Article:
April 24th, 2017
The State of the Industry: Prosper President, Ron Suber Examines the Past, Present and Future of FinTech
Lending Times | Lauren Twardy | Oct 26, 2016
Ron Suber serves as the president of Prosper, “America’s first online lending platform,” and brings more than 20 years of experience within the industry to the table. Recently, Lending Times had the opportunity to chat with Suber about the current state of the FinTech industry and where he thought it was heading. His insight and analysis may prove helpful for those individuals seeking a better understanding of the transition between traditional and marketplace lending.
The First Two Phases of FinTech
Suber began by saying he believes there are four phases of the FinTech Industry. The first phase began with establishing FinTech as a recognizable concept in what Suber calls the “Period of EAU: Education, Awareness, Understanding.” As with most pioneering ideas and industries, the biggest hurdle is often “fear of the unknown.” Suber comments that when the industry was getting off the ground, both industry insiders and the public reacted hesitantly to the idea of borrowing and lending on the Internet, which for most sounded “like a Ponzi scheme.” Phase One sought to establish FinTech as a legitimate course forward for lending.
Phase Two of FinTech took place early last year, according to Suber, when large finance and technology companies, as well as banks, started taking a sincere interest in marketplace lending, moving FinTech and online lending from what Suber had called a “novelty” to an “interesting new niche” in his 2015 LendIt Closing Keynote speech. Large companies and banks “sent their innovation teams and senior leadership to see all of us and find out what and how we were doing everything.” Alternative data and lending companies were no longer seen as competition but rather as potential partners for financial companies and institutions.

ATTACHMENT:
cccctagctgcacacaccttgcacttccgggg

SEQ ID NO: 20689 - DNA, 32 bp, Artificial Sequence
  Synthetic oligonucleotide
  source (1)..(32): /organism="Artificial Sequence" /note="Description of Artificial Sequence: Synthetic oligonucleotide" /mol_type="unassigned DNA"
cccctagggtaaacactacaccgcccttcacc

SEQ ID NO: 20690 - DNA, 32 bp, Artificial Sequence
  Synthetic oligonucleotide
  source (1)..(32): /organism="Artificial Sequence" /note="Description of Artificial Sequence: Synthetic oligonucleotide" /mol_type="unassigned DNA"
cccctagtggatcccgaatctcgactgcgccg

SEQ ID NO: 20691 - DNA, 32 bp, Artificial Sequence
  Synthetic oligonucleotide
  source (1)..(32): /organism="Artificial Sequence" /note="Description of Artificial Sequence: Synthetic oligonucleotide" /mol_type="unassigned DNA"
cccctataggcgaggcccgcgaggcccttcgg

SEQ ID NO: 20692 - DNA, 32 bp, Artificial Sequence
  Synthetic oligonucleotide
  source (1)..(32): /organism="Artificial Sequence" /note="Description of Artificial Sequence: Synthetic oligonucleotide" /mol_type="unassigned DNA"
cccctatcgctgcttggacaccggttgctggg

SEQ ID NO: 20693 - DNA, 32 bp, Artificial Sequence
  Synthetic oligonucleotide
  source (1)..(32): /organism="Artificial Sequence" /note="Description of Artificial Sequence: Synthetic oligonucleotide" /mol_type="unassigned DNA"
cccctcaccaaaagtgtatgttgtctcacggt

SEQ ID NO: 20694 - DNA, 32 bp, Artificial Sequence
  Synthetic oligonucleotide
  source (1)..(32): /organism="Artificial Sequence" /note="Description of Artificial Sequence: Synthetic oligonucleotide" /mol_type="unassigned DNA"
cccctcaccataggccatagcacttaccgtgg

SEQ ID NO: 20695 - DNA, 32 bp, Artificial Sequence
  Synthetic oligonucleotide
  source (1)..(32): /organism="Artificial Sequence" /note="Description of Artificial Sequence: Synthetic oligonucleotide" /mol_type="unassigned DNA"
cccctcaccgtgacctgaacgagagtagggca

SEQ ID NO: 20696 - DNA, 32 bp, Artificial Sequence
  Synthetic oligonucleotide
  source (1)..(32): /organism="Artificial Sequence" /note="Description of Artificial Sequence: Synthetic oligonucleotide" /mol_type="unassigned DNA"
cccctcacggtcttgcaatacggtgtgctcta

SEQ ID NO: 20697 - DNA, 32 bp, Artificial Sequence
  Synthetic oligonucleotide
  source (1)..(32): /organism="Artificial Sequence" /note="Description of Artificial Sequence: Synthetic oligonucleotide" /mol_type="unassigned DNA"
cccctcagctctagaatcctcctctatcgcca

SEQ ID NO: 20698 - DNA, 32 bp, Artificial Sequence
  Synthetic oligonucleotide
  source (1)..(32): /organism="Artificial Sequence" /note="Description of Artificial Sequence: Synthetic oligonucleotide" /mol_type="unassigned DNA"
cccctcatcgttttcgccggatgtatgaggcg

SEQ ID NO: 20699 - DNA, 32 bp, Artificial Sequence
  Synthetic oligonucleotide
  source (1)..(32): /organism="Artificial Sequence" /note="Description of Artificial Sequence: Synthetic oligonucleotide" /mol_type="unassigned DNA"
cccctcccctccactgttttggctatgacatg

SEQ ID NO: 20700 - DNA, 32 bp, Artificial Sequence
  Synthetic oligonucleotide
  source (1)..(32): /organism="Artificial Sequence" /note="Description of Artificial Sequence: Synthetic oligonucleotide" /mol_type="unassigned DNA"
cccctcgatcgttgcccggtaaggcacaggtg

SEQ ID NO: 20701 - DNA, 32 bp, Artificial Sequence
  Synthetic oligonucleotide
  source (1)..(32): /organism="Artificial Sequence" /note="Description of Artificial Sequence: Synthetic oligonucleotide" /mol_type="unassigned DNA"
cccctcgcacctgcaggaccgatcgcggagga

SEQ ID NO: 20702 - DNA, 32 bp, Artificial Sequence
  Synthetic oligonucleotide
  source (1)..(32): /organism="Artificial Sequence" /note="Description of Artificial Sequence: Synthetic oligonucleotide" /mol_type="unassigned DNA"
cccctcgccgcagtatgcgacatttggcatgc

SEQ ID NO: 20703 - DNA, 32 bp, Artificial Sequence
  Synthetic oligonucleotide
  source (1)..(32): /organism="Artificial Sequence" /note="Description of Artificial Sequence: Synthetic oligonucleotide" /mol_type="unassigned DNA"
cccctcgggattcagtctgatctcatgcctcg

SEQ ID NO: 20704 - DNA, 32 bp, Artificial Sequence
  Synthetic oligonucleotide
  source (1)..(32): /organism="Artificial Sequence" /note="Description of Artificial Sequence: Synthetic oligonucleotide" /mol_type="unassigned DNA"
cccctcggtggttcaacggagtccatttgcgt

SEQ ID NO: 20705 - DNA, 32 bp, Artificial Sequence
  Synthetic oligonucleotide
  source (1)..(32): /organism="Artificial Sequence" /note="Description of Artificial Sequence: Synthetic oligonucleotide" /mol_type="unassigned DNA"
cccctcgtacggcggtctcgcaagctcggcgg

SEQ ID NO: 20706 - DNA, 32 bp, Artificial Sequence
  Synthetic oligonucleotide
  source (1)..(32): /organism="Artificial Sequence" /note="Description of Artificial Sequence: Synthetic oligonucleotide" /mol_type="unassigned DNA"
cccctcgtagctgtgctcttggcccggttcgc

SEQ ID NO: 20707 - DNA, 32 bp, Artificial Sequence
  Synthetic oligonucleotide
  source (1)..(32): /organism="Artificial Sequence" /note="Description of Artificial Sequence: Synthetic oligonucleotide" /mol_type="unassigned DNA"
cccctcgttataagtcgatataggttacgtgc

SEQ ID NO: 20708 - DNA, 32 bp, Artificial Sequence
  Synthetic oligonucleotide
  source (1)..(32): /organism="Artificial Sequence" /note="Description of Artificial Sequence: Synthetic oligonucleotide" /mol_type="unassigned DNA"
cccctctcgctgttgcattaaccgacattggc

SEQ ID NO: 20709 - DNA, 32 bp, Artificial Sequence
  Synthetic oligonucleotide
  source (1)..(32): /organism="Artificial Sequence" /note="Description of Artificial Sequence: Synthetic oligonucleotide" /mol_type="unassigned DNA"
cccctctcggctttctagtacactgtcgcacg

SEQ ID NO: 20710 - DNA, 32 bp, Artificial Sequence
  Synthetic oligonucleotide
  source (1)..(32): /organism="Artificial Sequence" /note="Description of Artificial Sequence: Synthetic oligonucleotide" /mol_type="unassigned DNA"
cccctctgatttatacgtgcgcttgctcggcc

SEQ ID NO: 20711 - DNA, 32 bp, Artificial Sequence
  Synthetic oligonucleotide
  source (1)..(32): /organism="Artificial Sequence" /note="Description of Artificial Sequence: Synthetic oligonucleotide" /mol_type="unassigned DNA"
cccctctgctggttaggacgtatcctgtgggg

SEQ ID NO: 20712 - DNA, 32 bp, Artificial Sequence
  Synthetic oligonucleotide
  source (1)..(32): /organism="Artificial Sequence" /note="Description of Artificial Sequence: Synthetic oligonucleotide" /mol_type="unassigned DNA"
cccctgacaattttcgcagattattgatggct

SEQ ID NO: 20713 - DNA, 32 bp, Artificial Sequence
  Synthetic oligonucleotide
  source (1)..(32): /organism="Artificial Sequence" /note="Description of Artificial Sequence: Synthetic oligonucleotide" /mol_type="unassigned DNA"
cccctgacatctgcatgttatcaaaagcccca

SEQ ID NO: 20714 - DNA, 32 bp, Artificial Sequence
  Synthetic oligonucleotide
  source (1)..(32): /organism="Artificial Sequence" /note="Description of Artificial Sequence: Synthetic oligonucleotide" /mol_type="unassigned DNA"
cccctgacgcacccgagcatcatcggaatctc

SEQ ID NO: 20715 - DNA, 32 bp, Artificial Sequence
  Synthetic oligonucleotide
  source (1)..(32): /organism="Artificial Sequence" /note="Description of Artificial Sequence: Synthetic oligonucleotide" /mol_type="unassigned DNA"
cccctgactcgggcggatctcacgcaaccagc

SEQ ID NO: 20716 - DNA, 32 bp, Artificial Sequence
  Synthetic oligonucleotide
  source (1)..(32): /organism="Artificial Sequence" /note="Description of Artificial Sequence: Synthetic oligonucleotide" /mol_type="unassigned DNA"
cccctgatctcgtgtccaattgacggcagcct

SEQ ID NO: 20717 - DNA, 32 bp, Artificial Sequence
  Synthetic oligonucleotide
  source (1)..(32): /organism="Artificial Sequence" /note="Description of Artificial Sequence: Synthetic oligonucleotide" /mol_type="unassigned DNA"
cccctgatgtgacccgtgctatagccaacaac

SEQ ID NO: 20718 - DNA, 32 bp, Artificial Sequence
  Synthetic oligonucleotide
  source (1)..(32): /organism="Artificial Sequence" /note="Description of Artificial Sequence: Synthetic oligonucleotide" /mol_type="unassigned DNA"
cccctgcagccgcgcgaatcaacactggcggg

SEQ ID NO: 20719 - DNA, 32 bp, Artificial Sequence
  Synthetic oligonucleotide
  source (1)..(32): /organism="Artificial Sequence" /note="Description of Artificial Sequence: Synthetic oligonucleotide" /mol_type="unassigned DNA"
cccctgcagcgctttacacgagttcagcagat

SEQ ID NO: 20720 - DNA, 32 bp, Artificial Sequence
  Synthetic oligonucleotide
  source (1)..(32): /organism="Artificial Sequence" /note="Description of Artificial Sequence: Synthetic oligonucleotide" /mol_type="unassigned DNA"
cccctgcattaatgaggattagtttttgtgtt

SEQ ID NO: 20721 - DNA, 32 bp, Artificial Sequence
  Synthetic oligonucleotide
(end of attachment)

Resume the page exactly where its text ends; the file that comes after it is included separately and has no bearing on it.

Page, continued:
Phases 3 and 4: FinTech Today and the Optimistic Future
“Phase Three is now,” Suber says. Online lending platforms are going public, banks are trying to figure out how to partner with alternative lending and data companies, and regulation of the industry has begun. In this current phase, the impact of marketplace lenders has grown too great to be ignored or brushed off by the larger banks and companies. Several partnerships have formed this year between online lenders and banks, including Prosper and LendingClub with WebBank, OnDeck with JPMorgan, and Kabbage with Santander. While there has been a certain amount of leveling off to the skyrocketing growth of this industry, there is still much progress to come.
Morgan Stanley reported in June 2015 that marketplace lenders “could command $150 billion to $490 billion globally by 2020.” This kind of optimism leads to Suber’s Phase Four, where he predicts that there “will be rapid mergers, acquisitions, and full adoption into the main stream.”
Often in his speeches and interviews, Suber compares the path of FinTech to that of Uber or AirBnB. These companies change the way the world sees transportation and lodging, and FinTech innovators have the ability to do the same for lending. Suber believes that the future of FinTech is “true ubiquity.”
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